We consider all of the small groups here at Crosswalk to be “equipping” because what you receive from groups is not meant to be held in, but then turned and shared back out. But small groups are where the sharing and relationships go from the five minute conversation you have on a Sunday to something deeper. You go from “acquaintance” to “friend.” You pray for each other, you learn together, you share your experiences together, you serve together. Small groups are where you can learn from people’s perspectives, opinions, and experience. When you are a part of the small group, it doesn’t matter if you know people or not, you get to know them better through it. As you get to know people, you find out who can be in an LTG with you and who could benefit from your discipleship – or if you could benefit from theirs. If you aren’t part of a small group, I highly encourage it. It is not a place of judgement but rather a place of learning and connection. I have never attended a church and truly felt like I was a part of the community without being a part of a small group. I got to know my wife in a small group, I proposed on a group camping trip, and half our wedding party was from the group. Our current group includes a doctor, a teacher, someone who helped fight sex-trafficking in India, and even people who have traveled to Tibet. I would have had no idea if I did not spend more time with them than Sunday. The point is, you get to know people and build some deep, long-lasting connections in small groups. Studying the Word is an essential part of group, but being connected with people and sharing life is important too.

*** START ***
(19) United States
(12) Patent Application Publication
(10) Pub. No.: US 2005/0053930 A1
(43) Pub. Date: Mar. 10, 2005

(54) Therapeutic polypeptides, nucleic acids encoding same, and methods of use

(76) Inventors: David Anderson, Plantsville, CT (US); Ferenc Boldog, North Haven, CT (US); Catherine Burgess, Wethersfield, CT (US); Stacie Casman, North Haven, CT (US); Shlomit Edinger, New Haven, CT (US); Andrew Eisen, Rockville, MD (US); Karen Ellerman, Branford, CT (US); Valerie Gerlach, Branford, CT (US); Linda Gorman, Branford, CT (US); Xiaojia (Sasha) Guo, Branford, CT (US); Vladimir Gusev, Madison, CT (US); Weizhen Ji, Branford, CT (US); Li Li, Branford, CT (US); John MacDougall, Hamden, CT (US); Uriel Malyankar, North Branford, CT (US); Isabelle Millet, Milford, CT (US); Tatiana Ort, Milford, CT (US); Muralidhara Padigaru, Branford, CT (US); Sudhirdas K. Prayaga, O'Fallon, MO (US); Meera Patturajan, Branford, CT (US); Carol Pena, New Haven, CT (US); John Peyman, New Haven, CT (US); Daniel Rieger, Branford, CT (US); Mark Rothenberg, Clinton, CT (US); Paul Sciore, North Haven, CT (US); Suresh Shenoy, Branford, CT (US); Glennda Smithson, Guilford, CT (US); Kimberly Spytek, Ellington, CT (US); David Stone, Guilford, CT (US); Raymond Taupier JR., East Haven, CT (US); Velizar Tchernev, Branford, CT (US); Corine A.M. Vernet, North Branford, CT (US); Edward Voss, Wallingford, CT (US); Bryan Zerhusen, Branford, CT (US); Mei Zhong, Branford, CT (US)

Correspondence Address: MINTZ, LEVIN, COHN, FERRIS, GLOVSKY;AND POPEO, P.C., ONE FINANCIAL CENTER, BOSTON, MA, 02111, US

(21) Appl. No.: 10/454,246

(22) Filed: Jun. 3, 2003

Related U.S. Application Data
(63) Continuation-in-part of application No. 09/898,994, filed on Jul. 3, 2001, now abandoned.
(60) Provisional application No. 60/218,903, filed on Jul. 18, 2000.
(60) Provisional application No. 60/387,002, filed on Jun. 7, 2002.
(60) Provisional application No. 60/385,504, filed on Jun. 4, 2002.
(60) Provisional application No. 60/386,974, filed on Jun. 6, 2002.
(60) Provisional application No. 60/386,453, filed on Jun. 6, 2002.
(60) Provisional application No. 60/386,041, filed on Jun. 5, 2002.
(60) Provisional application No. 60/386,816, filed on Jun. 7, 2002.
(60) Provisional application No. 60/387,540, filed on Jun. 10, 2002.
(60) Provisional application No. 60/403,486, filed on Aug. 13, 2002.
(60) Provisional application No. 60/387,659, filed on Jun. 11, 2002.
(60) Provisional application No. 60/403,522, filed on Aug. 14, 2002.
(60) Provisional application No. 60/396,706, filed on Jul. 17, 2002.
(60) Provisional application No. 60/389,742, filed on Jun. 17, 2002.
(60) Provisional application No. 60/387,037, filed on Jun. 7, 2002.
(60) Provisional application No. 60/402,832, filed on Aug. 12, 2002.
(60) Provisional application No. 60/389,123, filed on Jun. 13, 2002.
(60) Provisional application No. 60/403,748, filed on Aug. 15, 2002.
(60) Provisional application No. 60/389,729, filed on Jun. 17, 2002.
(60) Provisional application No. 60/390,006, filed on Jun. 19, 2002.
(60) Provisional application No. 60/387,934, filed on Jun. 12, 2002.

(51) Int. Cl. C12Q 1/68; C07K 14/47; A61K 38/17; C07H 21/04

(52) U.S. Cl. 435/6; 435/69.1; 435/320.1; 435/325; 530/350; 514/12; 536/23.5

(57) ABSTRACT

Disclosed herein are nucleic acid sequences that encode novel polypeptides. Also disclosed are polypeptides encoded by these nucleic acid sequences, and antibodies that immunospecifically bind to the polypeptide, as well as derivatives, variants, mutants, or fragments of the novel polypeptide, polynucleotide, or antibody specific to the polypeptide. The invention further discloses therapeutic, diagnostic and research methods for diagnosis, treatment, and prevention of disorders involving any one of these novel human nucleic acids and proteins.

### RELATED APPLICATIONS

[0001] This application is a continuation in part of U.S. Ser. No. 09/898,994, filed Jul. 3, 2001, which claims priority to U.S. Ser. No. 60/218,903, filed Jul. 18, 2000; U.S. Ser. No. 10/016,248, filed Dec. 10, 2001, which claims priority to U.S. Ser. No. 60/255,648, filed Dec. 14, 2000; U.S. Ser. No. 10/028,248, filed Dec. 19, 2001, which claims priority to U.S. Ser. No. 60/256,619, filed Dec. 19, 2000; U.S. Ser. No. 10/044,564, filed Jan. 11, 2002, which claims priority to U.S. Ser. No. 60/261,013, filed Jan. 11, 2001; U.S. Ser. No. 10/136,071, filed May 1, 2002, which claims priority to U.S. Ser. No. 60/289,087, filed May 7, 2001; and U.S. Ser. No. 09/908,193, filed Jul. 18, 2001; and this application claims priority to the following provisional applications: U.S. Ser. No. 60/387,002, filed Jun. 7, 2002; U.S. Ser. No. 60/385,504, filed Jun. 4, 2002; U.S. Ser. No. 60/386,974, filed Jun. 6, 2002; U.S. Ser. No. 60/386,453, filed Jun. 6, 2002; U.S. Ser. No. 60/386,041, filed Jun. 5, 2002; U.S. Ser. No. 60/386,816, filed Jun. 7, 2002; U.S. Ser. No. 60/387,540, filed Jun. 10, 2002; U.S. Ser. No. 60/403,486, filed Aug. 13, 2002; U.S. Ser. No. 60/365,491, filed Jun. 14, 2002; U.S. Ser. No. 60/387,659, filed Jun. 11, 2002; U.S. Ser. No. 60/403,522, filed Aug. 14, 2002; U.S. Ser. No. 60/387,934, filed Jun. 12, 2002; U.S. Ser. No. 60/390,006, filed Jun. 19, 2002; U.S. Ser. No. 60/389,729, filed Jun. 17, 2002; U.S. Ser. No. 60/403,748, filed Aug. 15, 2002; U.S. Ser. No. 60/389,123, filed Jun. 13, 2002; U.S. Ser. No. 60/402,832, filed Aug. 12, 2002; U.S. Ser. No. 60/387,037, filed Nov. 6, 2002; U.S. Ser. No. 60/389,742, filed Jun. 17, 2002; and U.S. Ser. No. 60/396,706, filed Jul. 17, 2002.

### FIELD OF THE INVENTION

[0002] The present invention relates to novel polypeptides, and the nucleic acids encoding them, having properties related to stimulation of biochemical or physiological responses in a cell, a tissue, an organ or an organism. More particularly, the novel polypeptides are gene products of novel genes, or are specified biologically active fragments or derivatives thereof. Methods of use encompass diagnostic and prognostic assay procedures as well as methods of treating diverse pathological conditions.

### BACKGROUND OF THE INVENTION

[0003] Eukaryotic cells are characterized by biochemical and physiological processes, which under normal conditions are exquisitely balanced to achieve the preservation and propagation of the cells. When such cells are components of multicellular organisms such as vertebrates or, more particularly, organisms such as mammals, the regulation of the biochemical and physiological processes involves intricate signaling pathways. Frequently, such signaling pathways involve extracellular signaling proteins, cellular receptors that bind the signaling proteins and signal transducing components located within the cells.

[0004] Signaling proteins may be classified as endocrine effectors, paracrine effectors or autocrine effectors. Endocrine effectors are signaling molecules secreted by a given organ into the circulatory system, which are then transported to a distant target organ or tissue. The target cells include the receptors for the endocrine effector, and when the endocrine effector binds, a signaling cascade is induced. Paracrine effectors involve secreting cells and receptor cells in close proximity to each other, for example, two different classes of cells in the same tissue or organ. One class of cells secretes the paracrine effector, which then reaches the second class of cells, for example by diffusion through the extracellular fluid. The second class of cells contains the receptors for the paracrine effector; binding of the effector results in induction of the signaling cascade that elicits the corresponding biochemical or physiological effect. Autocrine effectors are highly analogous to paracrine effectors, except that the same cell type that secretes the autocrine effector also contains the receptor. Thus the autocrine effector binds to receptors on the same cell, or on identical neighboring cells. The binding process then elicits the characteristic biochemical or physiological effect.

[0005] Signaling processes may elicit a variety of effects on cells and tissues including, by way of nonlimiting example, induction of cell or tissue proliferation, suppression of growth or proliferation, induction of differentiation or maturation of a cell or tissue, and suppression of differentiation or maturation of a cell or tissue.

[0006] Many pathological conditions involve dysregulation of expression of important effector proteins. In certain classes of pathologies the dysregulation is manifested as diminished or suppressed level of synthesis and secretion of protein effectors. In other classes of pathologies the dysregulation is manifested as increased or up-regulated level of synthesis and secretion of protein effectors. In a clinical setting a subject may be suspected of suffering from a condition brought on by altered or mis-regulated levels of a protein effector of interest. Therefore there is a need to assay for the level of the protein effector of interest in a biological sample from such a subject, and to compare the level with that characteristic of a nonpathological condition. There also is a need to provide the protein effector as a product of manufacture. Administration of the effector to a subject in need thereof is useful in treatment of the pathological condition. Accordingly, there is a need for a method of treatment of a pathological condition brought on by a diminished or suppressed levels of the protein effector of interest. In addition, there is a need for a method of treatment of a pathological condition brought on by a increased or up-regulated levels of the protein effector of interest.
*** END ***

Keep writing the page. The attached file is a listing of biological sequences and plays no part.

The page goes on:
Life Transformation Groups (LTGs)
Out of my current small group, I was invited to join an LTG with two other guys and it has been great so far. There is no leader in an LTG – everyone is considered an equal. That opens things up for the group to discuss what is going on in their lives in intimate detail and for mutual accountability. To me, the most important part of an LTG, the part where transformation comes from, is that accountability is not just about staying away from sin. It is about where you are going, what you are actively doing to improve your life, what you are actively doing to further God’s Kingdom, and what you are actively doing to passionately demonstrate the love of Jesus. When someone asks you those questions each week, and you know they are, you make sure you have something to share with them. The guys in my LTG have encouraged me in my leadership, held me accountable to what I say I want to work on, and given me confidence to take the next step.